It goes without saying at this point that Mariah Carey's music is synonymous with Christmas. The singer's hit 1994 track "All I Want for Christmas Is You" cemented her importance in the genre in more ways than one. So, it makes sense that Mariah is looking to lock down her unofficial title of the "Queen of Christmas" in the eyes of the law.
The move isn't a far reach for the star, but it also isn't without its fair share of controversy. And unfortunately reports share that Mariah has lost her battle to trademark "Queen of Christmas." Here's everything that we know.
Mariah Carey's attempt to trademark the "Queen of Christmas" moniker has been denied.
According to BBC News, Mariah is not the "Queen of Christmas," even though fans still consider her to be. The outlet shares that Mariah "failed in attempts to trademark the abbreviation "QOC" and "Princess Christmas" by the U.S. Patent and Trademark.
Additionally, Mariah's application for the initial trademark was denied after "her company did not respond to another singer's opposition."
Unfortunately, this now means that Mariah will not be able to stop others from using the title on music and merchandise.
Mariah Carey's attempts to trademark "Queen of Christmas" have angered other singers.
According to The Washington Post, Mariah filed the application with the U.S. Patent and Trademark Office to trademark the phrase "Queen of Christmas" as exclusively hers to use to sell goods such as perfume, lotion, sunglasses, and face masks.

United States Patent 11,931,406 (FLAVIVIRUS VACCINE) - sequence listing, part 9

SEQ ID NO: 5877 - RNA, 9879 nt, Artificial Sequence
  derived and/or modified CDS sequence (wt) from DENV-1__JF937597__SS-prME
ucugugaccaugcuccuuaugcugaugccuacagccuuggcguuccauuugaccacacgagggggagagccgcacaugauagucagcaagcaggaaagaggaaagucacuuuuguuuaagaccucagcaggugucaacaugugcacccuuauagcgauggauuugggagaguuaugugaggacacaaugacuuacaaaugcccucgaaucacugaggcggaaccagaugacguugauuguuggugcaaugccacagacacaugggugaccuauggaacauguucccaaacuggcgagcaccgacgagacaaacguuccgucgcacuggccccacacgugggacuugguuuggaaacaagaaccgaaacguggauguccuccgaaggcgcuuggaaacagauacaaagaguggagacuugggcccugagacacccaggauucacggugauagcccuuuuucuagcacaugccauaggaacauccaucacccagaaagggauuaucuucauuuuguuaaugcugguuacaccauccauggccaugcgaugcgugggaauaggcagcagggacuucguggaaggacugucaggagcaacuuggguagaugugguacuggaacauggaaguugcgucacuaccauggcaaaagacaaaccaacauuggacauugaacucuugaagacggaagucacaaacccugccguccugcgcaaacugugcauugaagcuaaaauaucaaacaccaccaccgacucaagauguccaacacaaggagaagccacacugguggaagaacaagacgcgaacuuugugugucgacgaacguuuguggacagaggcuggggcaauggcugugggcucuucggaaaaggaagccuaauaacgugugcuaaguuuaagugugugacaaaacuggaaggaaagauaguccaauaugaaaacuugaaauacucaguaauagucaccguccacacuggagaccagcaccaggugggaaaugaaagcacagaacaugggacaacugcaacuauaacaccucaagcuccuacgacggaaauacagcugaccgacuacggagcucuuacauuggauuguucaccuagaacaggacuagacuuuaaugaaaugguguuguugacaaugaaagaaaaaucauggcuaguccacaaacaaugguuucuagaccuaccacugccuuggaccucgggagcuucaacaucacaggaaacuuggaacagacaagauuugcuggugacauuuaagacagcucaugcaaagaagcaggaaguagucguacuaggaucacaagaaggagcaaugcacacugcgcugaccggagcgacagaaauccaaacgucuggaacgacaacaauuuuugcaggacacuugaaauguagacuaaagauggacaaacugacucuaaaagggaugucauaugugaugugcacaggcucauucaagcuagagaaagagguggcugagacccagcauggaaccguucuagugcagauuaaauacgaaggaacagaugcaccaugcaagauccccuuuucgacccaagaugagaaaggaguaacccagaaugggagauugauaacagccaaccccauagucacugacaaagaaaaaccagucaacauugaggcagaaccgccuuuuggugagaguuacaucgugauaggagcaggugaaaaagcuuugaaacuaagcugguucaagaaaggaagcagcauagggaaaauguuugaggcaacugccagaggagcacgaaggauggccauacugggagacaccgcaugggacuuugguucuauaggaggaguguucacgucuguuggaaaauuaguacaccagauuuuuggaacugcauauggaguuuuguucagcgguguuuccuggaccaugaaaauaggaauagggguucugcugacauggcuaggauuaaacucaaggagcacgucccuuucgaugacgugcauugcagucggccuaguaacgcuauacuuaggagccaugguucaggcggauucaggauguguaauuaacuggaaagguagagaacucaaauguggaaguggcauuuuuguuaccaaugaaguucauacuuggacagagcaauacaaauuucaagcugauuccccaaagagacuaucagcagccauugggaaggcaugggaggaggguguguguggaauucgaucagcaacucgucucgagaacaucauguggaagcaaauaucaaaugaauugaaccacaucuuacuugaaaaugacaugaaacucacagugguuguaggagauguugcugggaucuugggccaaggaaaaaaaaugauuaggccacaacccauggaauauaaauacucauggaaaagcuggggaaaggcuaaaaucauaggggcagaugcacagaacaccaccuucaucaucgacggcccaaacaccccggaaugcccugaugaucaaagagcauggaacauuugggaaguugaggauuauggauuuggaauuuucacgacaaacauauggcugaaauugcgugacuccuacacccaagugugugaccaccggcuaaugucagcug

Mariah's motion cited a 2021 Billboard article that directly referred to her as the "undisputed Queen of Christmas."
However, two other famous Christmas singers, Elizabeth Chan and Darlene Love, have both claimed that Mariah should not be allowed to trademark the phrase as they've both used it throughout their careers as well.
Elizabeth Chan, a former Condé Nast executive, has seven albums under her belt and multiple Billboard hits. She challenged Mariah's move to Variety.
The singer said, "Christmas has come way before any of us on Earth, and hopefully will be around way after any of us on Earth, and I feel very strongly that no one person should hold onto anything around Christmas or monopolize it in the way that Mariah seeks to in perpetuity. That’s just not the right thing to do. Christmas is for everyone. It’s meant to be shared; it’s not meant to be owned."
Elizabeth's statement was echoed by Darlene, who has been making chart-topping Christmas music for over 50 years. The singer took to Facebook to call out Mariah and establish her claim as being the "Queen of Christmas" before her peer.
Darlene wrote that "David Letterman officially declared me the Queen of Christmas 29 years ago, a year before she [Mariah] released ‘All I want For Christmas Is You,’ and at 81 years of age, I’m not changing anything. I’ve been in the business for 52 years, have earned it, and can still hit those notes! If Mariah has a problem, call David or my lawyer!"
Despite speaking out against Mariah, neither Elizabeth nor Darlene officially stated that they would be pursuing legal action.